It is a common misconception between employees that you are automatically entitled to launch a tribunal claim should your employer not follow the correct dismissal process or procedure. Indeed it seems logical to expect, that an employer should be have to follow the correct procedure when dismissing someone.
However, as an employee, should you find yourself being dismissed in a way which you feel is enough to warrant a tribunal claim, you may well be in for a shock.
As of 6th April 2012 a two year qualifying period has been in force (upped from one year). As an employee you need to have worked for a period of two years or more before you are able to bring a claim for unfair dismissal to a tribunal. This qualifying period unless in certain exceptions, means that there is a very low risk to an employer if it does not follow the correct procedure when dismissing an individual.
Not all is lost should an employee find that they do not meet the qualifying period, as previously mentioned, there are exceptions to this rule. However, these exceptions can prove to be difficult to fit into. The list of exceptions is not exhaustive, but below is a list of some of the most commonly used.
A dismissal which takes place for reasons of a discriminatory nature is actionable in front of a tribunal regardless of whether or not the qualifying period has been met. Compensation is calculated in broadly the same way as an unfair dismissal claim, but there is no cap to the amount that can be awarded due to the nature of the claim. Where a finding of discrimination is made, additional compensation for the hurt of feelings is also available.
To bring a claim for discrimination, it must be proved that the reason for the dismissal was linked in any way to a protected characteristic. The protected characteristics are the following:
Pregnancy or maternity
Marriage and civil partnership
Religion or religious belief
Should an employee be able to prove that the dismissal was linked to any of the above characteristics then this circumvents the requirement to fit into the qualifying period.
Contractual disciplinary or redundancy policy:
Some employers have their dismissal or redundancy policies written into the contracts of employees. If such a process is written into a contract and the employer does not follow said process, then a claim for breach of contract arises and the employee will be in a position to claim damages for the breach of procedure. This would be through a claim for breach of contract and so no qualifying period would apply.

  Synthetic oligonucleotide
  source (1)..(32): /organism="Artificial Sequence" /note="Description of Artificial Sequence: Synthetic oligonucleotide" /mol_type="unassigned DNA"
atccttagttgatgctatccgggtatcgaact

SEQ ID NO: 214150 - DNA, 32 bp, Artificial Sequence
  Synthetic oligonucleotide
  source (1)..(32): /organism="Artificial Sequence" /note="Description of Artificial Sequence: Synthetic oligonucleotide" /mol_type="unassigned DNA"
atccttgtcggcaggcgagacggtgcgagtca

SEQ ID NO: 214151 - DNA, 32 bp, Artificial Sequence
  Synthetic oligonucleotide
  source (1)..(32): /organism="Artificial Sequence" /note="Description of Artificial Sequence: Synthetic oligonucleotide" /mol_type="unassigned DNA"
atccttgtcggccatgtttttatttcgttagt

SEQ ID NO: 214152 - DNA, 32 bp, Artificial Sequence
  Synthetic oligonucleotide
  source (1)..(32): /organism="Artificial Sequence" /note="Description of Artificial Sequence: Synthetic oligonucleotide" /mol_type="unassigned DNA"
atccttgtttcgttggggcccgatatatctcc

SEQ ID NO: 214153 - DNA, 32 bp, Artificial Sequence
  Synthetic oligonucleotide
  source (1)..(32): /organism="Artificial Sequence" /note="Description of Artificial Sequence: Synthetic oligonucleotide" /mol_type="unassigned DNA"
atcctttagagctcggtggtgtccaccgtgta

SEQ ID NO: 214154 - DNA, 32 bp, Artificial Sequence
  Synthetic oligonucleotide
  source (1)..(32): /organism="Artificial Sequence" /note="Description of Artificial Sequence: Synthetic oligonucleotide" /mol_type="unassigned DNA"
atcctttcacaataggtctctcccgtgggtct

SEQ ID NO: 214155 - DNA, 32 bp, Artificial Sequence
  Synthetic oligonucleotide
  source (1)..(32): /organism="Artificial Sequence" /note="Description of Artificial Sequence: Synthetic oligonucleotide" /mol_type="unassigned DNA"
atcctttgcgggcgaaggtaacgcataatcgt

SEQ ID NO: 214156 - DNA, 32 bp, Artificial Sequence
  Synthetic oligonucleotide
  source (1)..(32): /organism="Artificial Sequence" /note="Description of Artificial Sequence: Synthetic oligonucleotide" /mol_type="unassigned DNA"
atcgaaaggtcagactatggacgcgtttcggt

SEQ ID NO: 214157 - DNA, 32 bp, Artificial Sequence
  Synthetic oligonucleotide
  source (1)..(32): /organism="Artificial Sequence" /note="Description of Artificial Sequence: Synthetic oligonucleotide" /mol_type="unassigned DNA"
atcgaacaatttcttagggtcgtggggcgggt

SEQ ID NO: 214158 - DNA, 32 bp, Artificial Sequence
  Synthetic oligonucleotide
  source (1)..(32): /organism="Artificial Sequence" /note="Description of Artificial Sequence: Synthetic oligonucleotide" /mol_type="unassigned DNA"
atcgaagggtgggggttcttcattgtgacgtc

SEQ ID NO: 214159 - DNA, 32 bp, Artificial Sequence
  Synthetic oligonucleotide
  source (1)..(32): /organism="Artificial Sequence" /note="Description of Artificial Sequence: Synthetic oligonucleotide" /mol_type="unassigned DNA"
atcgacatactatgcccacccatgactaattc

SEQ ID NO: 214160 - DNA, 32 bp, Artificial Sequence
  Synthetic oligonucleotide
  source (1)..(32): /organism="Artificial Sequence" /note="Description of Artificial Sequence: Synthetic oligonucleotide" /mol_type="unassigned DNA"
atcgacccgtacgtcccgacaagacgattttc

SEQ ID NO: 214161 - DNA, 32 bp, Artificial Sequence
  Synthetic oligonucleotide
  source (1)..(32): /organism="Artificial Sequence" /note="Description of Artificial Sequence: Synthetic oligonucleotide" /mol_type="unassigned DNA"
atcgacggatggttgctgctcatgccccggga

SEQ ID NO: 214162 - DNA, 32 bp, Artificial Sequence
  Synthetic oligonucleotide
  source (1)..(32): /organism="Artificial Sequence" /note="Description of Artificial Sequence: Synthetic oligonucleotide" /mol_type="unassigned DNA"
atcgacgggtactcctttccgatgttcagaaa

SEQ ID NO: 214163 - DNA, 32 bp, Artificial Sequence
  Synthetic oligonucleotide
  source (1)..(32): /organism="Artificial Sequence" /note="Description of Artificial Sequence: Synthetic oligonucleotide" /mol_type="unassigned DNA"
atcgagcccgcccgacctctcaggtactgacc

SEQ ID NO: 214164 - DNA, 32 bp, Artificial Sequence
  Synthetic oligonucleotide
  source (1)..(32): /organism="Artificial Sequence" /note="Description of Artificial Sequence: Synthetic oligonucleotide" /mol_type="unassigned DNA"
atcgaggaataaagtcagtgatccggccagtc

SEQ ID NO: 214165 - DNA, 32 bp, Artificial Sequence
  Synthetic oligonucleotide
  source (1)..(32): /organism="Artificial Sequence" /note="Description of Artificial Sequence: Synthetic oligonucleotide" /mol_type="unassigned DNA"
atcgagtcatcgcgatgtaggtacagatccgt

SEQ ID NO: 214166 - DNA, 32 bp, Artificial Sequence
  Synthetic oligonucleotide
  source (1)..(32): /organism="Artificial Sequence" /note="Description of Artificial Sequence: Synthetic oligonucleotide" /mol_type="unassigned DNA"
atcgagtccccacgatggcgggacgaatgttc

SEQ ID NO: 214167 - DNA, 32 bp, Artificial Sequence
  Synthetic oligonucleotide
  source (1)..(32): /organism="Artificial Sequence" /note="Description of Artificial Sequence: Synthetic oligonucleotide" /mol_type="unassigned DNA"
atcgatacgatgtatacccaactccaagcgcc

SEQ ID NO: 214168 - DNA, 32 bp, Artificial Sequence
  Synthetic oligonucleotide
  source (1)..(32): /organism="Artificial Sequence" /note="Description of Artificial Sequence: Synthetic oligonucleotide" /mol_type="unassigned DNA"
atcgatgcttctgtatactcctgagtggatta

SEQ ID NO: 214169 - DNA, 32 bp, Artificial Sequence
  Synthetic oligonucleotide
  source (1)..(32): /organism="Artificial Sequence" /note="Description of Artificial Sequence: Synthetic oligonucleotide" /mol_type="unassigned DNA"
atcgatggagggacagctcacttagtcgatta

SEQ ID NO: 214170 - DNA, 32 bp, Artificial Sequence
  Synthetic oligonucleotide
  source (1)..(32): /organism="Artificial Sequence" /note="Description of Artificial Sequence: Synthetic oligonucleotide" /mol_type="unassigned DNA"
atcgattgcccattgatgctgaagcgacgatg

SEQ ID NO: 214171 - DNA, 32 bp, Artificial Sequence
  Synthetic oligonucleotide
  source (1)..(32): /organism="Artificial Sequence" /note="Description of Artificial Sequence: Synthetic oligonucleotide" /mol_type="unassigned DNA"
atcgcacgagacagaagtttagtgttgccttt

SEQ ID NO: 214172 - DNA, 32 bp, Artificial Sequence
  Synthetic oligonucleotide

Trade Union Representative:
If an employee is dismissed for reasons of belonging to a trade union, being a trade union representative, or taking part in trade union activities, then the dismissal will be unfair regardless of the amount of time that the employee has worked for.
Making a protected disclosure:
What is more commonly known as whistleblowing; if an employee is dismissed for making a protected disclosure then again the qualifying period does not apply. A protected disclosure is a disclosure of information by an individual, which that individual reasonably believes shows that one or more of the types of malpractice identified in the relevant legislation has taken place, or is likely to take place. Therefore, if an employee makes a disclosure and is subsequently dismissed for that reason, then the qualifying period is not needed. For a disclosure to fit into the relevant types of malpractice it has to fit into one of the following categories:
Danger to the health and safety of an individual
Damage to the environment
Breaches of legal obligations
Miscarriages of justice
A deliberate concealment of any of the above
As you can see, the two year qualifying period provides a huge amount of difficulty for employees. The exceptions outlined above are specific and hard to fit into. This means that effectively an employee has to serve a two year probation period before any rights are confirmed onto them at all.
Employment law is seen by many employees as an avenue to assert their rights as workers, and something which enables them to stand up to the actions of their employer. The reality is that employment law in relation to unfair dismissal may indeed do the exact opposite. Unless an employee has worked in their job for over two years, or failing this, fits into any of the specific and narrow exceptions available to the qualifying rule an employee’s options are extremely limited should their employer dismiss them in an improper way. Some people may think that this is unfair and in my opinion I would agree.